Translation of maverick in Spanish:


inconformista, n.

Pronunciation /ˈmæv(ə)rɪk//ˈmav(ə)rɪk/


  • 1

    inconformista feminine
    Politics disidente masculine
    • I was just some awkward maverick with money in his pockets.
    • He seems to defy political typecasting, reveling in the role of maverick.
    • The first is a private sketchbook, posthumously made public at a time when attention was turning again to this American maverick.
    • There is something undeniably fresh and even unpredictable about this self-described maverick.
    • And a long time maverick in American politics is being remembered for his influence on the nation.
    • So I was very inspired by all of the mavericks who came out of that time.
    • Now two new biographies look for the roots of this maverick's sensibilities.
    • He was the quintessential intellectual maverick - a man who thrived on bending the rules and violating the regulations.
    • Our democracy was forged in rebellion, crafted by mavericks and risk-takers who refused to salute authority.
    • My informal queries revealed that those associated with you regard you as a brilliant, hardheaded maverick.
    • Far from being a deep-dyed traditionalist, he is a maverick, a valuable eccentric, who uses his influence to stimulate rather than stifle debate.
    • He used to be everybody's favorite indie maverick.
    • What does the future hold for the band who bill themselves as the independent mavericks in a world of mere cut-outs?
    • Its leader is a surreal portrait of art-school eccentricity, a social maverick up to his neck in the shifting sands of taboo and faux pas.
    • For obvious reasons, the Nobel Committee is unlikely to honor this fascinating maverick now or ever.
    • A maverick, and an individual, he's running on instinct, fuelled by experience and making the right decisions.
    • And yet that same culture would flatter us into believing we are a nation of mavericks and rebels.
    • They want independent minds, mavericks and free thinkers.
    • We've evolved from a hot young maverick to a world-class business magazine.
    • His role as maverick was most evident was during his stints on the Open Market Committee, where he frequently squared off against the status quo.
  • 2US

    (unbranded calf)
    ternero no marcado masculine


  • 1

    (views/person/group) inconformista
    (group/person/views) heterodoxo
    (behavior) poco convencional
    • And with those stories, we once again prove our own maverick streak.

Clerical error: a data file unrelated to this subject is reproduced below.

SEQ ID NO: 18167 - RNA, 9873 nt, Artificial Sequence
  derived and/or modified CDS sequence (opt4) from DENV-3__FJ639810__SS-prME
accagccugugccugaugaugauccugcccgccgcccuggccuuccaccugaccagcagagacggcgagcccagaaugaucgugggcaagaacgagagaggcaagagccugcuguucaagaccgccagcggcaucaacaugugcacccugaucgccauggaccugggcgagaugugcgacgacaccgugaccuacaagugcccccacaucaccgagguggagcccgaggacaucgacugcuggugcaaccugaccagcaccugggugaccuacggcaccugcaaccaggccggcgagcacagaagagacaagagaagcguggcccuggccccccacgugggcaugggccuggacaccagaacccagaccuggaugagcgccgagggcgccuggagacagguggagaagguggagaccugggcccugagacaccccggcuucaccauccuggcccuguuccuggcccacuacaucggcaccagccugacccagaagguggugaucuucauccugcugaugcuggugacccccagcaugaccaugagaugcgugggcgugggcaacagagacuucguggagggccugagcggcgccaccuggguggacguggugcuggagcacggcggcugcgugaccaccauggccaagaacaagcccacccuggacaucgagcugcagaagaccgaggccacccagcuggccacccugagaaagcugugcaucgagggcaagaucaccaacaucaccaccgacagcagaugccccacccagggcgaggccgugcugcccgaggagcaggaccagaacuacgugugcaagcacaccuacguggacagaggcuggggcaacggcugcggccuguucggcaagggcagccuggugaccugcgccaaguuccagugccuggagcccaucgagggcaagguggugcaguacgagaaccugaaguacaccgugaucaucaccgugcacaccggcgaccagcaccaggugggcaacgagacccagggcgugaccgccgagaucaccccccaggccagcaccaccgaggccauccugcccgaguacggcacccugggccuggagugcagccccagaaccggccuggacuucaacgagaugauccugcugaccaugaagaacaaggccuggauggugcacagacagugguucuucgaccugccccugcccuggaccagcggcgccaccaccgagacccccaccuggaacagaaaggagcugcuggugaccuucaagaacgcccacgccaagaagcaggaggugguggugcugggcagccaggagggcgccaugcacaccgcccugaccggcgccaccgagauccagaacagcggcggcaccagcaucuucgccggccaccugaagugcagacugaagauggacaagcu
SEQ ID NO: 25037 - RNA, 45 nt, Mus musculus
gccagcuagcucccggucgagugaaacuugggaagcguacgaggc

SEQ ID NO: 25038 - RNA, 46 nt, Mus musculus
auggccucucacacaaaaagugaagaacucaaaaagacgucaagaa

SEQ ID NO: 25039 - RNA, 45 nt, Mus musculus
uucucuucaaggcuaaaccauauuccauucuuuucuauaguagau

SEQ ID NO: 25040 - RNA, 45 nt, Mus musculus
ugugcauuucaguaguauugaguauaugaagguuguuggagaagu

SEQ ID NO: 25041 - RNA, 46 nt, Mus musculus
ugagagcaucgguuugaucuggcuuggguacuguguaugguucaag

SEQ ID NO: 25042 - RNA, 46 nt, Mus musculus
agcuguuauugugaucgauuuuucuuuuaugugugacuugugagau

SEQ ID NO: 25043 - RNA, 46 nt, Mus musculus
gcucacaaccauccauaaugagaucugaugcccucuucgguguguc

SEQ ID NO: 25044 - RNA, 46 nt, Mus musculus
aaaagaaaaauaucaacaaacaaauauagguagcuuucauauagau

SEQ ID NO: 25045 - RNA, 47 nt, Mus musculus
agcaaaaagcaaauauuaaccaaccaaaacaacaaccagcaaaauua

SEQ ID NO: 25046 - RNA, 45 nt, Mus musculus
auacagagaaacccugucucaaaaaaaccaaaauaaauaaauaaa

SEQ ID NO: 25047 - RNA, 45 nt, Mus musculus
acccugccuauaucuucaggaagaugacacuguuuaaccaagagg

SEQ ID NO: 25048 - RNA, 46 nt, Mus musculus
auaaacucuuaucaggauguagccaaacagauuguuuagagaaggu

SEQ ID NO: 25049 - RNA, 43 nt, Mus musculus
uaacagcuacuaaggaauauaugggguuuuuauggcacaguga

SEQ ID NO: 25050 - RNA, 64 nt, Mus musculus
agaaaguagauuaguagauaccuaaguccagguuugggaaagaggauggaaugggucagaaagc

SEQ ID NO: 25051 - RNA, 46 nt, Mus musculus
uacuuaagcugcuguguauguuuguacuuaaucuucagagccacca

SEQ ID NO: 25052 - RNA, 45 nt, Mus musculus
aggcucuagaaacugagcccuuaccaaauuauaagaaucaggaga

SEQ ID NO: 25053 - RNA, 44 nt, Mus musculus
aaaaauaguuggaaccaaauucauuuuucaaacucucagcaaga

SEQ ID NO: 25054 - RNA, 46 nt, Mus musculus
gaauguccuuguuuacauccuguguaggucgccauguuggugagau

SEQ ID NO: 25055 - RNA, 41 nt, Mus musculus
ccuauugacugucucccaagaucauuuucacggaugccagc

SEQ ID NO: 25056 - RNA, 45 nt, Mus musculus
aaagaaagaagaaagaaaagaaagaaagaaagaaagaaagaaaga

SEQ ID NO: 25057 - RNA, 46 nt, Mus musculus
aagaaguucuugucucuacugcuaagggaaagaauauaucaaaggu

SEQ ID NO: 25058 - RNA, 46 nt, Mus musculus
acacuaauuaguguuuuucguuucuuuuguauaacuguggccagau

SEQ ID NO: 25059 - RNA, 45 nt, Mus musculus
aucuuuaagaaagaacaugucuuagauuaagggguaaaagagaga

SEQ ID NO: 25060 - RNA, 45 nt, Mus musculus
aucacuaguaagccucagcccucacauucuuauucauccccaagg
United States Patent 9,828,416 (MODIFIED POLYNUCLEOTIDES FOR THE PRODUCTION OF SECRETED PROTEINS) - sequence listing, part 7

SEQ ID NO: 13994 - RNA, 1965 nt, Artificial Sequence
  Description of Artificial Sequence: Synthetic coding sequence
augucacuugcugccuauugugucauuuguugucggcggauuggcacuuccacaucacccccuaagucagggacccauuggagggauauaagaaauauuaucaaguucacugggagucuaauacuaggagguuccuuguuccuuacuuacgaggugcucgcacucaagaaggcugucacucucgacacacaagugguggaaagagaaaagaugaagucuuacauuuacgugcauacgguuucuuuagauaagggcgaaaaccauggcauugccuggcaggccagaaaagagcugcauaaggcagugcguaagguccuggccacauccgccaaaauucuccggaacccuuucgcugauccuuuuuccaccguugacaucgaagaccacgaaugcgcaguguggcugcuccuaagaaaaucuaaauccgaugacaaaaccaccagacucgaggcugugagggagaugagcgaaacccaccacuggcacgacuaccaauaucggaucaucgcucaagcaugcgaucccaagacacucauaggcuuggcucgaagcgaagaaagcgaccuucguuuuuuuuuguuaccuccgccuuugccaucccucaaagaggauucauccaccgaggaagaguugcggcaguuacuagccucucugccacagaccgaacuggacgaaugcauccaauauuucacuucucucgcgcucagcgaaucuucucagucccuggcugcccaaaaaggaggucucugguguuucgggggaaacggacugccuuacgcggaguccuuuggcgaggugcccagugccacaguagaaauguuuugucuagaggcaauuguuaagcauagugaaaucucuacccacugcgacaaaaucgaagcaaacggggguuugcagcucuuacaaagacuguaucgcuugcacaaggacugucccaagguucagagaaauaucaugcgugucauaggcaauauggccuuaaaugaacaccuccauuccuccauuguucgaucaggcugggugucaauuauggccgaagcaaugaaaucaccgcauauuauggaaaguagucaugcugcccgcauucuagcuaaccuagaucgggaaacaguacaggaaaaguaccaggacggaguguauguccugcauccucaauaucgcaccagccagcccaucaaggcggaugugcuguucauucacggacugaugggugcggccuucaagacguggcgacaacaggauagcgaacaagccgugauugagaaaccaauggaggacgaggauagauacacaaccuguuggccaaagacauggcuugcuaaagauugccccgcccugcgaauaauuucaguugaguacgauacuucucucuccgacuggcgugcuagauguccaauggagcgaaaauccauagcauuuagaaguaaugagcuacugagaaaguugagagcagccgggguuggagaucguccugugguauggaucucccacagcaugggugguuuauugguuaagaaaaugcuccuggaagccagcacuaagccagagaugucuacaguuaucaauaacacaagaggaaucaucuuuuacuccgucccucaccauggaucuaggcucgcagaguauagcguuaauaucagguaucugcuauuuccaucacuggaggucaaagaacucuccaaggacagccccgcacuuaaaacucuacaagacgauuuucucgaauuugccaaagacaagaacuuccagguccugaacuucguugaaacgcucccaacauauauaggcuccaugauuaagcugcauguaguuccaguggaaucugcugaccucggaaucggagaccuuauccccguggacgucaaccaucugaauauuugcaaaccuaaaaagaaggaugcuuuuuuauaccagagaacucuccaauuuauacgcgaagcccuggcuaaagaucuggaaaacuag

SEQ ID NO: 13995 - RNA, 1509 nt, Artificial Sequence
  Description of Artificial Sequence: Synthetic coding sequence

• He is one of the few truly great, genuinely maverick songwriters and performers of the present day.
    • Both presented themselves as maverick anti-establishment politicians but campaigned hard on the traditional themes of the fascist right.
    • Looking back, he had all the right credentials: an education at Eton and Cambridge, strong left-wing leanings, and an even stronger maverick streak.
    • His face displays a limited emotional range and, at times, his portrayal of the maverick scientist is boring.
    • All I know is that MPs are very maverick so expect to be surprised!
    • There is a slow stirring of revolt that goes far beyond fuel protests and maverick votes for television presenters.
    • He was a monk and maverick philosopher; she, the apt and eager pupil.
    • Unfortunately, before leaving on his American adventure, he apparently forgot to pack his maverick streak.
    • As a maverick director he often chose his players on a whim and had them work without repeated takes.
    • As managerialism has come to dominate the policy of programmes of all the major parties north and south of the Border there has developed an enormous appetite for maverick politicians.
    • Impressionism is not some hazy notion about how a bunch of maverick artists at the end of the 19th century decided to paint the world as if it looked blurred.
    • One must be constantly alert to the hazard of maverick cyclists and uneven pavements, and you may suffer a tirade of abuse from those who now own the world, should you criticise them for unsocial behaviour.
    • The press adored him, a prolific, maverick talent who survived on cheap noodles and peanut butter so he could make films with his dole money.
    • While I admire maverick clergymen, it takes the guts of the ‘ordinary’ man to go about doing good and decent deeds daily without fanfare.
    • The maverick MP had intended to vote against the measure.
    • Guests are encouraged to hire cars to explore the island's uncompromising and maverick terrain and to drive to restaurants on evenings when dinner is not provided.
    • Maybe, as one maverick biologist suggested to howls of protest last week, genetic selection may mean we have finally found a way towards evolving as a species.
    • Hollywood is notoriously bad at handling maverick talents, and now it has a potential star on its hands who defies the usual female type of small, skinny, milk-toast Caucasians.
    • I spent a few hours scratching my head and looking for a cryptic code which might shed light on where this maverick genius is getting his ideas from.